On January 15, 2009 AfriClassical posted “Biographer Pierre Bardin Discovers Death Report of Le Chevalier de Saint-Georges (1745-1799)” Daniel Marciano is a Professor Emeritus at l'Université de Franche-Comté at Besançon, France. Prof. Marciano kindly translated the death report and the accompanying remarks of Pierre Bardin. He is an author of an historical novel and plays, and maintains a website on Le Chevalier de Saint-Georges in French. At the invitation of Jean-Claude Halley of the blog Guadeloupe Attitude, Daniel Marciano gives his opinion of the historical significance of the discovery:
“J.C. Halley invited me to react to P. Bardin’s latest discovery and among other things I wrote: When dealing with fiction, turning a character into a victim on purpose is a dramatic process in order that the reader may feel sorry for such a beautiful soul, alone at the end of his life, forgotten by all after his death. However, biographical rigor forbids one to state anything which was not corroborated by reliable archive documents.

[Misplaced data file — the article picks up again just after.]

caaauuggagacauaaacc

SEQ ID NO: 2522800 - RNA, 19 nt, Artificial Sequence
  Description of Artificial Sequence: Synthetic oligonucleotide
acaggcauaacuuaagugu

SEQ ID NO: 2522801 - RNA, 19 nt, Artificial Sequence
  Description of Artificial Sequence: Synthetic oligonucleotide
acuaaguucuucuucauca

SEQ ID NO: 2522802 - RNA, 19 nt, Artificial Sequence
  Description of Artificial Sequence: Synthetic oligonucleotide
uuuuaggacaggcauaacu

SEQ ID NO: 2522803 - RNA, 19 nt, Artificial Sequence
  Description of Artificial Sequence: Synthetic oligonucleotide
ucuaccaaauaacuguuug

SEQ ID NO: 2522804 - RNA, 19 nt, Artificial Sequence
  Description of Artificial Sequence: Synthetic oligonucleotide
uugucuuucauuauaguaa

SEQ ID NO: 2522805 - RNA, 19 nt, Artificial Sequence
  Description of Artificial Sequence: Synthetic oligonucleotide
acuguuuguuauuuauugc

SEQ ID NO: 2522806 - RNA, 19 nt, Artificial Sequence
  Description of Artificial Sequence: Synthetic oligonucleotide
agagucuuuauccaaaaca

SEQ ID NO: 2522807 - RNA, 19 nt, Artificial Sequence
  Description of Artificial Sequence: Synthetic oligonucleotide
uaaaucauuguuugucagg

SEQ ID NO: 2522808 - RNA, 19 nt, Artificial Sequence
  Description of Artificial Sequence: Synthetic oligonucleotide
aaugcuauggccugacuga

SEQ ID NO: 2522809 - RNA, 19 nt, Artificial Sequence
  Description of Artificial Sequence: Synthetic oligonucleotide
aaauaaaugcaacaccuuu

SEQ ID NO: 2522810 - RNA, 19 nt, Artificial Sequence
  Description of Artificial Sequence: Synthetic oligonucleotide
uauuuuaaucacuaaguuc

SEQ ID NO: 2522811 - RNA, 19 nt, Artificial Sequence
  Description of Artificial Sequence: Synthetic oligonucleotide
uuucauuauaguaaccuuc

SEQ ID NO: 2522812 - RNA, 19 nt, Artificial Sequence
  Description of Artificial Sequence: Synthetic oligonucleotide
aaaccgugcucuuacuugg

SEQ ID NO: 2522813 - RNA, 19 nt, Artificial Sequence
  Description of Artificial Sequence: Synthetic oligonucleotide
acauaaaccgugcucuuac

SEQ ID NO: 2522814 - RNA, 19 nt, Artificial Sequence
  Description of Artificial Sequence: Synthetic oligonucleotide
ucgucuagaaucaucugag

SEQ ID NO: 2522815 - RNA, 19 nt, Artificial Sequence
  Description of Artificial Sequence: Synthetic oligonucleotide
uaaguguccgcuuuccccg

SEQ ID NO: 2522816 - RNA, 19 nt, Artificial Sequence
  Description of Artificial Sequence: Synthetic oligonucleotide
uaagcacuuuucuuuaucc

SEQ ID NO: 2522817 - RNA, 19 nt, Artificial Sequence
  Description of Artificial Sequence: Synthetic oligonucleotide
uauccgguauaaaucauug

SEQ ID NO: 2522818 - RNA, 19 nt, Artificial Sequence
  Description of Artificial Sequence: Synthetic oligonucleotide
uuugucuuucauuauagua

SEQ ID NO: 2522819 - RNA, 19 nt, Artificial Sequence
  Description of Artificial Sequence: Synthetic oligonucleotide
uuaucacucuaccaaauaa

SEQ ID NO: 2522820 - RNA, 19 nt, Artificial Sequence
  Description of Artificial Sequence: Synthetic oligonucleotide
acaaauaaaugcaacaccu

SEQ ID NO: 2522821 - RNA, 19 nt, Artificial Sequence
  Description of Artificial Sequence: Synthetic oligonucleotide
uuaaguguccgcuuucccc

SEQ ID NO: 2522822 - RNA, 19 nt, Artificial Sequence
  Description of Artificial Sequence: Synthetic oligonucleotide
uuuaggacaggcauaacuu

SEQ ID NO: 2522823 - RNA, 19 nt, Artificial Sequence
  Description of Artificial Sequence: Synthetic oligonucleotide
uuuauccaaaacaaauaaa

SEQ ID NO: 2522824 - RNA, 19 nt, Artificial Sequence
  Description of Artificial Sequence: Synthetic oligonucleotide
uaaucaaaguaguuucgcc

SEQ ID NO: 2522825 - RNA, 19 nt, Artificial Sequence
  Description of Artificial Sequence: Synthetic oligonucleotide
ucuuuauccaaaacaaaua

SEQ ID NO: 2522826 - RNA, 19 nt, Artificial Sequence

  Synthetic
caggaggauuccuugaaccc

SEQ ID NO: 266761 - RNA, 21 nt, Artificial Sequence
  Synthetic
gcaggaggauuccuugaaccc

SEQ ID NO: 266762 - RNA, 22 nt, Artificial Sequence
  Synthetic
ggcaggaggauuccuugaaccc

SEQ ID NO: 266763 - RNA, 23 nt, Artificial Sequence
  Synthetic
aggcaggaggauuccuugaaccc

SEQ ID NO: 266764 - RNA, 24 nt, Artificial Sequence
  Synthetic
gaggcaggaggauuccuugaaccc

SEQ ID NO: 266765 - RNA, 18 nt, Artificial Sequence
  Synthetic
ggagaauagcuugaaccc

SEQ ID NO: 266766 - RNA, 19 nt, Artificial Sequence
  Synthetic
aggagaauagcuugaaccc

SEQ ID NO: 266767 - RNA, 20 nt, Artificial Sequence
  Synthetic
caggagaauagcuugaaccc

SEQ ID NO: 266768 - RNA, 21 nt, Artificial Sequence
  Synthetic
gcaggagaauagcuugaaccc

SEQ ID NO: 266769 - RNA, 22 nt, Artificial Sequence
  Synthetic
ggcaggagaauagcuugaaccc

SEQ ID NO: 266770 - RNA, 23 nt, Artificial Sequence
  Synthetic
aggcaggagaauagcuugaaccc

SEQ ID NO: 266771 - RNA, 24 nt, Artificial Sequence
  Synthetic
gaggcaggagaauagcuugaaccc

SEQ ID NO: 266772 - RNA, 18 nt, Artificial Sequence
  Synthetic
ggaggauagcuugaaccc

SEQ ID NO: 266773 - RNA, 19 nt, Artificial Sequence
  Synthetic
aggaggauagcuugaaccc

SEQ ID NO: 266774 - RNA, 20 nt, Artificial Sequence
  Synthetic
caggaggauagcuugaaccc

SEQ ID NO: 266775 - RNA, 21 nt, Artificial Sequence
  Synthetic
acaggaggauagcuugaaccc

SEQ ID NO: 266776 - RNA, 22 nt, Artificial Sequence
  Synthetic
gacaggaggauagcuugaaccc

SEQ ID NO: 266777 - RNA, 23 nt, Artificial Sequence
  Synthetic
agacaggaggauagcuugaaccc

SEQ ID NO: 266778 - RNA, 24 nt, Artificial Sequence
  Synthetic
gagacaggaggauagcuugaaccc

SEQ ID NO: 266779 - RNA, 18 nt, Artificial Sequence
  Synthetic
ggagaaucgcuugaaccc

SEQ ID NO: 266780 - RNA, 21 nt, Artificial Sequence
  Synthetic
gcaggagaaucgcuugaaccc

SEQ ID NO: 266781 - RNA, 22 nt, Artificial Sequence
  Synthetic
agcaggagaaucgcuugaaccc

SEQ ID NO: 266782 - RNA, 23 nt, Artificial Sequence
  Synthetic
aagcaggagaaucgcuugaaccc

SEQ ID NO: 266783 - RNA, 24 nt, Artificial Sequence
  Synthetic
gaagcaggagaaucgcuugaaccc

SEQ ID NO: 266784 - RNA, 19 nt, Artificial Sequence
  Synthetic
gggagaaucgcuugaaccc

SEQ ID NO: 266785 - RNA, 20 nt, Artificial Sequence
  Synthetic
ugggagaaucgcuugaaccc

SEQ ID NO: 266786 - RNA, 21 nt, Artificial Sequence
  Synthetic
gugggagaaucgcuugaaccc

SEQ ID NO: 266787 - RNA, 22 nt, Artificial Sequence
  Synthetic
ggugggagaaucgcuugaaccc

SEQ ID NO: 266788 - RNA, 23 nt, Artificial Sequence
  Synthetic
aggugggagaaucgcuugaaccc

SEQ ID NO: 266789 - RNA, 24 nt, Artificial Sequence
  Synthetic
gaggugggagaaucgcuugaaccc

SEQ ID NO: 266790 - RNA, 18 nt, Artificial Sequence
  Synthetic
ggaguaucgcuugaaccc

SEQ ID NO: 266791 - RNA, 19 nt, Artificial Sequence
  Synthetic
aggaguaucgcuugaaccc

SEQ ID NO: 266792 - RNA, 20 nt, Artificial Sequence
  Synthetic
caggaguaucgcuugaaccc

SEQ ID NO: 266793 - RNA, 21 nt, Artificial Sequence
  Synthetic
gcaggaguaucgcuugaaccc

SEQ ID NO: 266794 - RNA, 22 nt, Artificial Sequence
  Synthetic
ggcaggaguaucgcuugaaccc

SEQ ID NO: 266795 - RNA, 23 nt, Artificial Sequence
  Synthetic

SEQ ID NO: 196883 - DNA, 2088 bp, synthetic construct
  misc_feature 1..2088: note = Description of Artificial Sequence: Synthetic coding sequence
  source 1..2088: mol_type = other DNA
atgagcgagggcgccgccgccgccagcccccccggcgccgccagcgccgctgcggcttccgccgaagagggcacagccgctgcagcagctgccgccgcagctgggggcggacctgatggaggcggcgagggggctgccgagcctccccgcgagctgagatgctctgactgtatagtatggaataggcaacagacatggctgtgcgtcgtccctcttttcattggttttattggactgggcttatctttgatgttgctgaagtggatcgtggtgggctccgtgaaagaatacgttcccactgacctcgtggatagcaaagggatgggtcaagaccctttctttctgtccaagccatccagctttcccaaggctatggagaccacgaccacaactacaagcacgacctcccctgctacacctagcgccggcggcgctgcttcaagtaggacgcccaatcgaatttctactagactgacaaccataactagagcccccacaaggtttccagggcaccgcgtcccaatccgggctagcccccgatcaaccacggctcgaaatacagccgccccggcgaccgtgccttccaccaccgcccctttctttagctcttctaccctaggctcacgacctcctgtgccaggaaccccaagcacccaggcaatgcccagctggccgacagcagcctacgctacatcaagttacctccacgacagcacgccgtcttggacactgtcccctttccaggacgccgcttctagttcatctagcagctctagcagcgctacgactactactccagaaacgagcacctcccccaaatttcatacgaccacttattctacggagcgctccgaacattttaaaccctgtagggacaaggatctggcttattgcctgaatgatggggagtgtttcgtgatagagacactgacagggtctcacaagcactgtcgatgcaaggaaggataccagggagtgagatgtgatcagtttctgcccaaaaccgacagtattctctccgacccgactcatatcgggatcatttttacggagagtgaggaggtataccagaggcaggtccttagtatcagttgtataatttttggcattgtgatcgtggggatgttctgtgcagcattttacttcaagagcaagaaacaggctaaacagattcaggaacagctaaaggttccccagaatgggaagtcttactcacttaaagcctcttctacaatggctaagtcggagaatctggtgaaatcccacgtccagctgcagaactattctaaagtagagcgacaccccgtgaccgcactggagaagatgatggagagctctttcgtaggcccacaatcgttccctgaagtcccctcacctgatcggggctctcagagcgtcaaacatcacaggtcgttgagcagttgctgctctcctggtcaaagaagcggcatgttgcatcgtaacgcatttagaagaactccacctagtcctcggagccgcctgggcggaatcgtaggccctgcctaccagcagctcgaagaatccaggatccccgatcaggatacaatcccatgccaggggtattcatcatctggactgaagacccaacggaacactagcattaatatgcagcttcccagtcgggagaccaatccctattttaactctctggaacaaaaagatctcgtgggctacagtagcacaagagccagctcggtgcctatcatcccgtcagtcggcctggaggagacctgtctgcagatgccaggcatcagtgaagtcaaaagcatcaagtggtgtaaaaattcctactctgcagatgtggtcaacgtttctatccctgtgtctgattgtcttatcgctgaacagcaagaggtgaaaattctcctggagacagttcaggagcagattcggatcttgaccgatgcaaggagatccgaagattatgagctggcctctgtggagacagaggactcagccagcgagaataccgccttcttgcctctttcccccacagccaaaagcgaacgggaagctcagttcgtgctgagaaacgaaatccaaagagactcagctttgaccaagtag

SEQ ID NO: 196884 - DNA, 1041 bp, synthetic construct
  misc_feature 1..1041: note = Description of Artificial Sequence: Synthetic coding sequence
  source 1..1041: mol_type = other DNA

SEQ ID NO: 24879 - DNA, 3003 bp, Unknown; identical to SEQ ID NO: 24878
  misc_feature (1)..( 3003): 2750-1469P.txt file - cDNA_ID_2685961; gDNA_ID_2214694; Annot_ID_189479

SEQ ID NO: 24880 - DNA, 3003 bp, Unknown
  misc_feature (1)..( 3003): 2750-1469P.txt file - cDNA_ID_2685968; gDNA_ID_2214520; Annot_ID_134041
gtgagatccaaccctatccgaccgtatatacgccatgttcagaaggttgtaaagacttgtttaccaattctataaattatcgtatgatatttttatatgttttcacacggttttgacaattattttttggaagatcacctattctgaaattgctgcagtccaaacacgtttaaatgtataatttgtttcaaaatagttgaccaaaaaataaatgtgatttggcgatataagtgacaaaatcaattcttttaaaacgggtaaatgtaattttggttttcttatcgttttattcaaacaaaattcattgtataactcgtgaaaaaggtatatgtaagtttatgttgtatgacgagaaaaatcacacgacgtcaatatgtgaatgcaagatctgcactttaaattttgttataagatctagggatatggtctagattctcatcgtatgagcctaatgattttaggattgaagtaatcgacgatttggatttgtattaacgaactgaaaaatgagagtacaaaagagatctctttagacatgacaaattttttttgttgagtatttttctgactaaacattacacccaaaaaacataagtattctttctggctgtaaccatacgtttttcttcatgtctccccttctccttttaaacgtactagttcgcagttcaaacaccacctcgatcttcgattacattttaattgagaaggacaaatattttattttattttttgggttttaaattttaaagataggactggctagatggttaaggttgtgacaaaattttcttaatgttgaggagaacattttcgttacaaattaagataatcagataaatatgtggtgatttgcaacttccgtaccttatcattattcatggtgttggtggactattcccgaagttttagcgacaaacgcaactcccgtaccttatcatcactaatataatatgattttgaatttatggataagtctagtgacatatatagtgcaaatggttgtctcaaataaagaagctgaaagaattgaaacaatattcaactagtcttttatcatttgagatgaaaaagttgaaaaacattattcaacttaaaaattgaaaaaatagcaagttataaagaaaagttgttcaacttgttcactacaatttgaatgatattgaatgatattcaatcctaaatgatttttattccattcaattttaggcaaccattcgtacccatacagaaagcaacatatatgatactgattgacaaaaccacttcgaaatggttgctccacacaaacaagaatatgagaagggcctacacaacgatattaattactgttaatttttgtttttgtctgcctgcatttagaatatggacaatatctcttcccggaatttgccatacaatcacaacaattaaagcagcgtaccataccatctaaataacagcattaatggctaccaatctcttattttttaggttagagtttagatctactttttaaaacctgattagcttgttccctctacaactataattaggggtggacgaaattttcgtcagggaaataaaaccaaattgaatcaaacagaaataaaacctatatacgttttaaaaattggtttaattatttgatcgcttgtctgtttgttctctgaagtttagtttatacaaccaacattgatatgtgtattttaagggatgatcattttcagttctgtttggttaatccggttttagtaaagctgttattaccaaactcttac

Personally I pitied St-G in my novel as I was working towards a movie but most biographers put a wrong emphasis on St-G suffering from discrimination, unable to found a family, giving the impression at times that his life was a constant ordeal. In fact on the whole he led an enviable life, conducted the best orchestras of the XVIIIth century, was admired by the ladies of the court and was the friend of Kings and Princes. I inserted a long comment on this point in my web site called Victimisation et Oubli [Victimized and Forgotten]. The last document P. Bardin discovered is precious inasmuch as his discovery shows that the most eminent representatives of the fencing community admired him, and grieved for St-G’s death. People were close to him when he died.”Daniel Marciano
Le chevalier de Saint-George
le fils de Noémie